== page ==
XXXTentacion's Fans Are Reportedly Harassing His Alleged Victim

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XXXtentacion at iHeartRadio Station 103.5 The Beat on May 26, 2017 in Fort Lauderdale, Fla.

XXXTentacion's rapid success in music has been eclipsed by his history of abuse, including his 2016 domestic violence arrest where he faced charges of domestic battery by strangulation, witness tampering, false imprisonment, and more. In a new interview with Miami New Times, XXXTentacion's alleged victim, Geneva Ayala, opened up about the harassment and threats she's apparently received from XXX's fans since coming forward with her story. 

Miami New Times writer Tarpley Hitt wrote that Ayala has been subject to cyberbullying, as XXX's fans reportedly hacked Ayala's Twitter account and deleted her Instagram account after several attempts to report her page.

But the harassment wasn't limited to social media, as fans allegedly began to follow Ayala to her job. "I can't even go to the mall or Walmart without being noticed and eyed down," Ayala told Hitt. After working at Dunkin Donuts for three weeks and experiencing threats and harassment from the rapper's fans, Ayala was forced to quit her job. 

XXX's fans took their distaste for Ayala a step further and shut down the alleged victim's GoFundMe campaign, which she created to raise money for surgery after XXX allegedly struck her in the face, causing nerve damage and a fracture near her eye. According to Hitt, the GoFundMe page received thousands of dollars -- including a $5,000 donation from XXXTentacion himself -- but GoFundMe froze the account because they "received reports from Onfroy's fans claiming Ayala had misrepresented the cause of her injuries." The campaign has since been reactivated.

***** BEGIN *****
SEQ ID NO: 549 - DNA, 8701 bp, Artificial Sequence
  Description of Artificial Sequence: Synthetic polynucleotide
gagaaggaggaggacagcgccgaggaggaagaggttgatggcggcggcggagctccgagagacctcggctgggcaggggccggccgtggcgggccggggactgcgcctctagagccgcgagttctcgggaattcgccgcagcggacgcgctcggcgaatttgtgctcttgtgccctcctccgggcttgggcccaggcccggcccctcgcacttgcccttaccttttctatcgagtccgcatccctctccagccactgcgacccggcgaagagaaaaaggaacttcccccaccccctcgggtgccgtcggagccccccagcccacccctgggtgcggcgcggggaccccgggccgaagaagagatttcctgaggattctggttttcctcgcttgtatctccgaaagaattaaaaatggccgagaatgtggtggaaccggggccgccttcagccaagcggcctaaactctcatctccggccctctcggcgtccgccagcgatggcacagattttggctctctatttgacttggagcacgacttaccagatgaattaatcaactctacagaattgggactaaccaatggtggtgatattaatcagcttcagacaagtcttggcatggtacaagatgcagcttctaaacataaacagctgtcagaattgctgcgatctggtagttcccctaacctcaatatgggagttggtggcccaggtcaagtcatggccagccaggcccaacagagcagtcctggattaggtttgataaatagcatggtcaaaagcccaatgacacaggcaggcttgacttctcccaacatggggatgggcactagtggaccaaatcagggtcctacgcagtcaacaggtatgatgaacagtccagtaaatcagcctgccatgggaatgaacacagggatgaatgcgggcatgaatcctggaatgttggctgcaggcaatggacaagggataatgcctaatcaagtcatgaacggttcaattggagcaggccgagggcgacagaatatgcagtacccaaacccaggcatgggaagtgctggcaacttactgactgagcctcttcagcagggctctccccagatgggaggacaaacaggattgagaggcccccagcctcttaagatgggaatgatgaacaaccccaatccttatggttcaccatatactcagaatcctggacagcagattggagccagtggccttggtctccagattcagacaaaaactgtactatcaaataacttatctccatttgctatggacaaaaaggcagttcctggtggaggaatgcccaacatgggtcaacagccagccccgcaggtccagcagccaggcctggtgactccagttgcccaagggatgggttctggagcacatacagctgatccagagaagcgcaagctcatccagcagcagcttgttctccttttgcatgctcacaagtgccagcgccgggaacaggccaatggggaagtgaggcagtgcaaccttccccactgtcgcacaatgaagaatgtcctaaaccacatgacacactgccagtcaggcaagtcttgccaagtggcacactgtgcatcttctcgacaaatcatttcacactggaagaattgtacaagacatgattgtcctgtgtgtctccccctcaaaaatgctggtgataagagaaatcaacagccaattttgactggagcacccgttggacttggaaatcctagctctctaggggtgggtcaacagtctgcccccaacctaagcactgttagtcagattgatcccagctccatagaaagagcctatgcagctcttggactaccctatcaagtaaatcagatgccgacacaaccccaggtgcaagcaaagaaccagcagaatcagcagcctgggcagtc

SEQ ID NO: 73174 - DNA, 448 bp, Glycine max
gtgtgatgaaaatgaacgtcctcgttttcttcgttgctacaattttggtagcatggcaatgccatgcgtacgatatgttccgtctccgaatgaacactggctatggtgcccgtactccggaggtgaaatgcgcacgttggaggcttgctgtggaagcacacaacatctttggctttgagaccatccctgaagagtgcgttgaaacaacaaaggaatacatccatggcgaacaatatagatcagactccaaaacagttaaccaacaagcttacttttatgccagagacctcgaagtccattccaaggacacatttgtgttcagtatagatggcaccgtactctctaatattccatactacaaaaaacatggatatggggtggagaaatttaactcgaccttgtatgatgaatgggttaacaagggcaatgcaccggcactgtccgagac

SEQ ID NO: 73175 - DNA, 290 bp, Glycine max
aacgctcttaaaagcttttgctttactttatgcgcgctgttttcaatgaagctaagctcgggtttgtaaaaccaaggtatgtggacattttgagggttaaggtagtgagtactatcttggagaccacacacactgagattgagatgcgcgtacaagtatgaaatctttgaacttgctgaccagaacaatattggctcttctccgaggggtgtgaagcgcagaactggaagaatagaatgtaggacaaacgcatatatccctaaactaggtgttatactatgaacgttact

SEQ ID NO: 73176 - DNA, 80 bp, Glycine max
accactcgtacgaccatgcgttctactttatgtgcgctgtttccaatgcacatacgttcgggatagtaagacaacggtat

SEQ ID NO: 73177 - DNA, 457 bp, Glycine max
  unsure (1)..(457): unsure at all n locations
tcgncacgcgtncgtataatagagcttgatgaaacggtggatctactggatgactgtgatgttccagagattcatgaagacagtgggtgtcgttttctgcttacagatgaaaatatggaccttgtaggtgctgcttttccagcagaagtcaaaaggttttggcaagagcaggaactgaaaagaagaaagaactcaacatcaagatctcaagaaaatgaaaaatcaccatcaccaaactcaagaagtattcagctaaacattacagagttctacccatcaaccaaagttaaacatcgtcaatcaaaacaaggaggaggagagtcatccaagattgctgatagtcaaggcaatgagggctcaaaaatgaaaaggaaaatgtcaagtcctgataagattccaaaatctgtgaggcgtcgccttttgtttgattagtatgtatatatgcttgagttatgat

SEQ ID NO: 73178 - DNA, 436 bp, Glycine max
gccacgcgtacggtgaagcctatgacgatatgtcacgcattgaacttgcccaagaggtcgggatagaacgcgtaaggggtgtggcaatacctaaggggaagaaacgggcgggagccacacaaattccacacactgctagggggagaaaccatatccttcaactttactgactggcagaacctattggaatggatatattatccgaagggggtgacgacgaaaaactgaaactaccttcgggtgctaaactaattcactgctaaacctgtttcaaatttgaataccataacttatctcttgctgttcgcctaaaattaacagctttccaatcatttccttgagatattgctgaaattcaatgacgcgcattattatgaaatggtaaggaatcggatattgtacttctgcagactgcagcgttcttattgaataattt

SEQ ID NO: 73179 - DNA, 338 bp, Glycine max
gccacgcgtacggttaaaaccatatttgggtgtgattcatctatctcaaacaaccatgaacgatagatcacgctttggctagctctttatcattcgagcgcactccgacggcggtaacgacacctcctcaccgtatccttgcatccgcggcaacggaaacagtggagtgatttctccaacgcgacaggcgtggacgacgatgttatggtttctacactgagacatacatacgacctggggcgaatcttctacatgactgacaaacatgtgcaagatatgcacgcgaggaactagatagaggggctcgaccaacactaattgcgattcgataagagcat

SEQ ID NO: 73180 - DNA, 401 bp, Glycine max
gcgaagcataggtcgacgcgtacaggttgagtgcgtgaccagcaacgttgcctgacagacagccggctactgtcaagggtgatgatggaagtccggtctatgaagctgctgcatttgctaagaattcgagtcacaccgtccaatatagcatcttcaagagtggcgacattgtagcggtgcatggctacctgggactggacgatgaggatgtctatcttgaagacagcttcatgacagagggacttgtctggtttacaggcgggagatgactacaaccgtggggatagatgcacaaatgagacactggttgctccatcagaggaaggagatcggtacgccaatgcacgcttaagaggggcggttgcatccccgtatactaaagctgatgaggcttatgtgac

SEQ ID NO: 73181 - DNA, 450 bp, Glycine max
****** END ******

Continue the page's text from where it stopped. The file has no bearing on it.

Recently, Spotify announced that it would stop promoting music on their popular playlists from artists who have been accused of misconduct and removed XXX and R. Kelly's music from curated playlists. Spotify's new policy caused an uproar among fans and Kendrick Lamar, who threatened to pull his music after Spotify announced its new rules. 

Anthony "Top Dawg" Tiffith spoke to Billboard about the streaming giant's policy, saying, "I don't think it's right for artists to be censored, especially in our culture. How did they just pick those [artists] out? How come they didn't pick out any others from any other genres or any other different cultures? There [are] so many other artists that have different things going on, and they could've picked anybody. But it seems to me that they're constantly picking on hip-hop culture."